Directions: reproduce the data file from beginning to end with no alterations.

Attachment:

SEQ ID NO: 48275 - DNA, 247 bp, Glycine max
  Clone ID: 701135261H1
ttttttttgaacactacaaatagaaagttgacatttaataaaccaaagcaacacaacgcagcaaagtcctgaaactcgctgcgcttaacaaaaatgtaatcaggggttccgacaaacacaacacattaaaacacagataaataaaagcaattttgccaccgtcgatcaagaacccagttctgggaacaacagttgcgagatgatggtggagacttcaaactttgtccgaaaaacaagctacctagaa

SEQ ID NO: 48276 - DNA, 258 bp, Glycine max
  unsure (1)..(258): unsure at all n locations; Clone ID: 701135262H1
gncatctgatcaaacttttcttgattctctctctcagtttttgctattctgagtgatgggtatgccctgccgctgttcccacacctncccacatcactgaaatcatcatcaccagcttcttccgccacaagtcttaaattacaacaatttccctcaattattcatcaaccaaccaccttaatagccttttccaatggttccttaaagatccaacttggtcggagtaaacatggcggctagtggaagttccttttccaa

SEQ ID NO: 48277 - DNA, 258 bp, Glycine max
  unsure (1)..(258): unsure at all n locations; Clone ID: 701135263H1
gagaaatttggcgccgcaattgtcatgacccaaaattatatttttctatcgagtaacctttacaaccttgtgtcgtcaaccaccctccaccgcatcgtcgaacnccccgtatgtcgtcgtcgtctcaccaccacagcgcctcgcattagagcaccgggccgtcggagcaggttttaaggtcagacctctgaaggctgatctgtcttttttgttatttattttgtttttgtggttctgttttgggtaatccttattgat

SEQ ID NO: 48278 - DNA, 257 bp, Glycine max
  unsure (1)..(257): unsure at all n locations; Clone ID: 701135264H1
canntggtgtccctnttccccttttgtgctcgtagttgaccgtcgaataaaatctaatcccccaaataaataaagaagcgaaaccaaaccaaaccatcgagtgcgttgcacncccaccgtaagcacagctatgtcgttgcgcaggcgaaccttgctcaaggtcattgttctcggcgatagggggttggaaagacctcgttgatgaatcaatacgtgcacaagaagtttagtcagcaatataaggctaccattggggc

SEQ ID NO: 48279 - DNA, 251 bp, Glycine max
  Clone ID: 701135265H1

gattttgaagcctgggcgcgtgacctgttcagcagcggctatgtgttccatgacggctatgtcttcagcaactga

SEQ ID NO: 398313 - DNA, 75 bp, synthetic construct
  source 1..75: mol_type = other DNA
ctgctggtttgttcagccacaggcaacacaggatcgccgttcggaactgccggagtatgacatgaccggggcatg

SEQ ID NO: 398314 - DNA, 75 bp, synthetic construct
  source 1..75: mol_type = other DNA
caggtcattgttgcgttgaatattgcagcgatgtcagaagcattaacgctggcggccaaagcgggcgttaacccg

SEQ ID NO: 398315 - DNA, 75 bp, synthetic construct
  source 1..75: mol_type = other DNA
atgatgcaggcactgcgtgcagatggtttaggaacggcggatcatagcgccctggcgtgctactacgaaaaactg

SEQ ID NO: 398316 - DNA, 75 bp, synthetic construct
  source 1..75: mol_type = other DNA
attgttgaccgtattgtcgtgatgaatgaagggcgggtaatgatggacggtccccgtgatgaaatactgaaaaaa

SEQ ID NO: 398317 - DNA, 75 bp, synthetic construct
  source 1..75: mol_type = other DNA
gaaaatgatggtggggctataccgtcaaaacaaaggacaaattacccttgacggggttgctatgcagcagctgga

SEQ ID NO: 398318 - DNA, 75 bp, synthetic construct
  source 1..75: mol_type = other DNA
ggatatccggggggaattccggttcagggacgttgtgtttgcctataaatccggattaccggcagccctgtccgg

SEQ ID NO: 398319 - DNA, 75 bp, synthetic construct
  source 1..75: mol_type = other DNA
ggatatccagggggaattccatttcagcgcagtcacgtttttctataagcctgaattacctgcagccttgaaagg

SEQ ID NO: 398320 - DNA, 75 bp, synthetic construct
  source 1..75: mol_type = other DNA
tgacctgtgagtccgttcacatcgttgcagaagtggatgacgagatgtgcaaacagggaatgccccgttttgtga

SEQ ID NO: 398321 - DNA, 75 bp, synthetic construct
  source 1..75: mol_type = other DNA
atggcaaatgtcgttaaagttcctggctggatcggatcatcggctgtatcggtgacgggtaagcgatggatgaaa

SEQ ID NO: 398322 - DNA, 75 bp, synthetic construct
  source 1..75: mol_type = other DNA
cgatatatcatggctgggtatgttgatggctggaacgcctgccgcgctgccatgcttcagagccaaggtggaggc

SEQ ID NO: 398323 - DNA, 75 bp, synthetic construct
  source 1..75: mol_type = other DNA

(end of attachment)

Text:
SEQ ID NO: 48275 - DNA, 247 bp, Glycine max
  Clone ID: 701135261H1
ttttttttgaacactacaaatagaaagttgacatttaataaaccaaagcaacacaacgcagcaaagtcctgaaactcgctgcgcttaacaaaaatgtaatcaggggttccgacaaacacaacacattaaaacacagataaataaaagcaattttgccaccgtcgatcaagaacccagttctgggaacaacagttgcgagatgatggtggagacttcaaactttgtccgaaaaacaagctacctagaa

SEQ ID NO: 48276 - DNA, 258 bp, Glycine max
  unsure (1)..(258): unsure at all n locations; Clone ID: 701135262H1
gncatctgatcaaacttttcttgattctctctctcagtttttgctattctgagtgatgggtatgccctgccgctgttcccacacctncccacatcactgaaatcatcatcaccagcttcttccgccacaagtcttaaattacaacaatttccctcaattattcatcaaccaaccaccttaatagccttttccaatggttccttaaagatccaacttggtcggagtaaacatggcggctagtggaagttccttttccaa

SEQ ID NO: 48277 - DNA, 258 bp, Glycine max
  unsure (1)..(258): unsure at all n locations; Clone ID: 701135263H1
gagaaatttggcgccgcaattgtcatgacccaaaattatatttttctatcgagtaacctttacaaccttgtgtcgtcaaccaccctccaccgcatcgtcgaacnccccgtatgtcgtcgtcgtctcaccaccacagcgcctcgcattagagcaccgggccgtcggagcaggttttaaggtcagacctctgaaggctgatctgtcttttttgttatttattttgtttttgtggttctgttttgggtaatccttattgat

SEQ ID NO: 48278 - DNA, 257 bp, Glycine max
  unsure (1)..(257): unsure at all n locations; Clone ID: 701135264H1
canntggtgtccctnttccccttttgtgctcgtagttgaccgtcgaataaaatctaatcccccaaataaataaagaagcgaaaccaaaccaaaccatcgagtgcgttgcacncccaccgtaagcacagctatgtcgttgcgcaggcgaaccttgctcaaggtcattgttctcggcgatagggggttggaaagacctcgttgatgaatcaatacgtgcacaagaagtttagtcagcaatataaggctaccattggggc

SEQ ID NO: 48279 - DNA, 251 bp, Glycine max
  Clone ID: 701135265H1

gattttgaagcctgggcgcgtgacctgttcagcagcggctatgtgttccatgacggctatgtcttcagcaactga

SEQ ID NO: 398313 - DNA, 75 bp, synthetic construct
  source 1..75: mol_type = other DNA
ctgctggtttgttcagccacaggcaacacaggatcgccgttcggaactgccggagtatgacatgaccggggcatg

SEQ ID NO: 398314 - DNA, 75 bp, synthetic construct
  source 1..75: mol_type = other DNA
caggtcattgttgcgttgaatattgcagcgatgtcagaagcattaacgctggcggccaaagcgggcgttaacccg

SEQ ID NO: 398315 - DNA, 75 bp, synthetic construct
  source 1..75: mol_type = other DNA
atgatgcaggcactgcgtgcagatggtttaggaacggcggatcatagcgccctggcgtgctactacgaaaaactg

SEQ ID NO: 398316 - DNA, 75 bp, synthetic construct
  source 1..75: mol_type = other DNA
attgttgaccgtattgtcgtgatgaatgaagggcgggtaatgatggacggtccccgtgatgaaatactgaaaaaa

SEQ ID NO: 398317 - DNA, 75 bp, synthetic construct
  source 1..75: mol_type = other DNA
gaaaatgatggtggggctataccgtcaaaacaaaggacaaattacccttgacggggttgctatgcagcagctgga

SEQ ID NO: 398318 - DNA, 75 bp, synthetic construct
  source 1..75: mol_type = other DNA
ggatatccggggggaattccggttcagggacgttgtgtttgcctataaatccggattaccggcagccctgtccgg

SEQ ID NO: 398319 - DNA, 75 bp, synthetic construct
  source 1..75: mol_type = other DNA
ggatatccagggggaattccatttcagcgcagtcacgtttttctataagcctgaattacctgcagccttgaaagg

SEQ ID NO: 398320 - DNA, 75 bp, synthetic construct
  source 1..75: mol_type = other DNA
tgacctgtgagtccgttcacatcgttgcagaagtggatgacgagatgtgcaaacagggaatgccccgttttgtga

SEQ ID NO: 398321 - DNA, 75 bp, synthetic construct
  source 1..75: mol_type = other DNA
atggcaaatgtcgttaaagttcctggctggatcggatcatcggctgtatcggtgacgggtaagcgatggatgaaa

SEQ ID NO: 398322 - DNA, 75 bp, synthetic construct
  source 1..75: mol_type = other DNA
cgatatatcatggctgggtatgttgatggctggaacgcctgccgcgctgccatgcttcagagccaaggtggaggc

SEQ ID NO: 398323 - DNA, 75 bp, synthetic construct
  source 1..75: mol_type = other DNA